(Fig. 3c). Furthermore, incorporation of three additional hRad51
mutants (R310A, R235E and G151D) into RDN to generate RDN
(R310A), RDN(R235E) and RDN(G151D) all displayed HDR
enhancement frequencies indistinguishable from that of RDN
and RDN(K133R) (Fig. 3c, and Supplementary Figs. 5i, j), in spite
of their differing catalytic and DNA-binding characteristics
(Fig. 3a)43?45. Taken together, these observations reveal that
neither the fusion orientation of hRad51 relative to Cas9(D10A)
nor the strand invasion and strand exchange activities of hRad51
are critical for the ability of RDN to mediate HDR.
Donor template optimization. When possible, including a
PAMaltering mutation together with the target mutation in a donor
template is an effective approach to improve HDR efficiency7,46
by preventing re-cutting and subsequent modification of the
desired HDR product. HDR efficiencies are highly dependent on
the distance between the DNA cleavage site and the mutation that
is being incorporated7,46. The above experiments used donor
templates that contain PAM-blocking mutations at five of the
eight loci tested (sgRNA 1, sgRNA 2, HEK site 2, HEK site 3, and
HEK site 4), and donor templates that lacked PAM-blocking
mutations due to unavailability of a silent PAM-blocking
mutation in addition to the target point mutation at the remaining
three sites (LDLR, HBB, and SERPA1). Since indels are generated
much less efficiently with nick-induced HDR compared to
DSBinduced HDR (Fig. 1e), we sought to test whether PAM-blocking
mutations are necessary for nick-induced HDR and to define the
region between the PAM and target mutation that can support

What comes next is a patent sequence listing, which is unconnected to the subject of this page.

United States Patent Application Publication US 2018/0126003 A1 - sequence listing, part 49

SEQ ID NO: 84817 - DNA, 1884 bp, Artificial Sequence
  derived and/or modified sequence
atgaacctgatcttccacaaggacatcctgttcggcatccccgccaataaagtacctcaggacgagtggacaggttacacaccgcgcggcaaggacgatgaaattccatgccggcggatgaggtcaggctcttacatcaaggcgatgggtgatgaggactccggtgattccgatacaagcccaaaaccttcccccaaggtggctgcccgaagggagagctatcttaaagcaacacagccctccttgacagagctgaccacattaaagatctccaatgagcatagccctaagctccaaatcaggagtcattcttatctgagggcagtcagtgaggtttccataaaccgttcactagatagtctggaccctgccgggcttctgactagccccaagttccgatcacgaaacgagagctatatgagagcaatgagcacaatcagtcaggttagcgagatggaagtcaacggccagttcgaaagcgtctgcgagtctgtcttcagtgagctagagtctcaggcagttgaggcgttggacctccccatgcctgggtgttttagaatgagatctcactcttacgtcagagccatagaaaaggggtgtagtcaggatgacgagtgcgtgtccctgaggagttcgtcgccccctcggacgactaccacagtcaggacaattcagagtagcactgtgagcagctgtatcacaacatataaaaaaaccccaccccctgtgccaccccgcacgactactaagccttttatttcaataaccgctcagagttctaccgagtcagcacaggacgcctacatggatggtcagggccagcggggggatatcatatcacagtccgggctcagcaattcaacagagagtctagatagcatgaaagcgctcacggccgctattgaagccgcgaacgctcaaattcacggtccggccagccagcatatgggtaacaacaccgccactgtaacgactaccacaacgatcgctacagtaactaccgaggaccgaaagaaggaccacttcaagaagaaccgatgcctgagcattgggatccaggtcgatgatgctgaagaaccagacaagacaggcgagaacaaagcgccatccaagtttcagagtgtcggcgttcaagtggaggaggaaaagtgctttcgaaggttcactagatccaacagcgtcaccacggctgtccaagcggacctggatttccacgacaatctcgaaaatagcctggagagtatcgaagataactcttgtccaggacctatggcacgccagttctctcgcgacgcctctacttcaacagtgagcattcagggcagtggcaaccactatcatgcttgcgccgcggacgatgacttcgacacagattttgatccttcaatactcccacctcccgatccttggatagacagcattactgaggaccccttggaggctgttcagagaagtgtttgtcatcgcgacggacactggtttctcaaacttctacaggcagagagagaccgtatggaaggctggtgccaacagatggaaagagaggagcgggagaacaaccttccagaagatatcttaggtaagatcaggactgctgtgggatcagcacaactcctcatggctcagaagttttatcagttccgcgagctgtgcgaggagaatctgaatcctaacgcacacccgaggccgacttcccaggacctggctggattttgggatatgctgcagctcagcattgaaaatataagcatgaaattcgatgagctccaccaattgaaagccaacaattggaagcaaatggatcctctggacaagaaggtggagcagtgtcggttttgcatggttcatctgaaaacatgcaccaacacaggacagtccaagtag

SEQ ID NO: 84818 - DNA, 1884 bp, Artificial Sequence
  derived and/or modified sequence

We designed a series of eight ssODN templates targeting the
HEK site 3 locus, each containing a SNP located in a different
position within the protospacer from position 7 to 25, counting the
PAM as positions 21?23. Two sets of donor templates were used.
The first set of ssODNs incorporated a PAM mutation (replacing
the TGG PAM with TTT) alongside the target mutation, while the
second set only encoded each target mutation. As expected, we
observed an increase in the frequency of Cas9-mediated HDR when
the PAM-blocking template was used compared to the
non-PAMblocking template (Fig. 4a). By contrast, incorporating a PAM
mutation into the donor ssODN did not lead to increased HDR
frequency for nick-induced HDR, mediated either by Cas9(D10A)
or RDN(K133R), as long as the target mutation is located within the
sgRNA protospacer sequence (Fig. 4a).
We previously measured the frequency of HDR at HEK site 3
using a donor template with a PAM-blocking mutation (replacing
the TGG PAM with TCC, Supplementary Tables 1 and 2)
using Cas9 (Fig. 1e), Cas9(D10A) (Fig. 1e), or RDN(K133R)
BRCA2 Self- ssDNA
binding association binding
Mean HDR:indel ratio
Mean HDR:indel ratio
Preventing BRCA2 binding to site Stochastic indel
C Desired product
Preventing selfassociation of hRad51 monomers
10 15 20 25
Position in protospacer
Cas9, no PAM mutation
Cas9(D10A), no PAM mutation
RDN(K133R), no PAM mutation
Cas9, with PAM mutation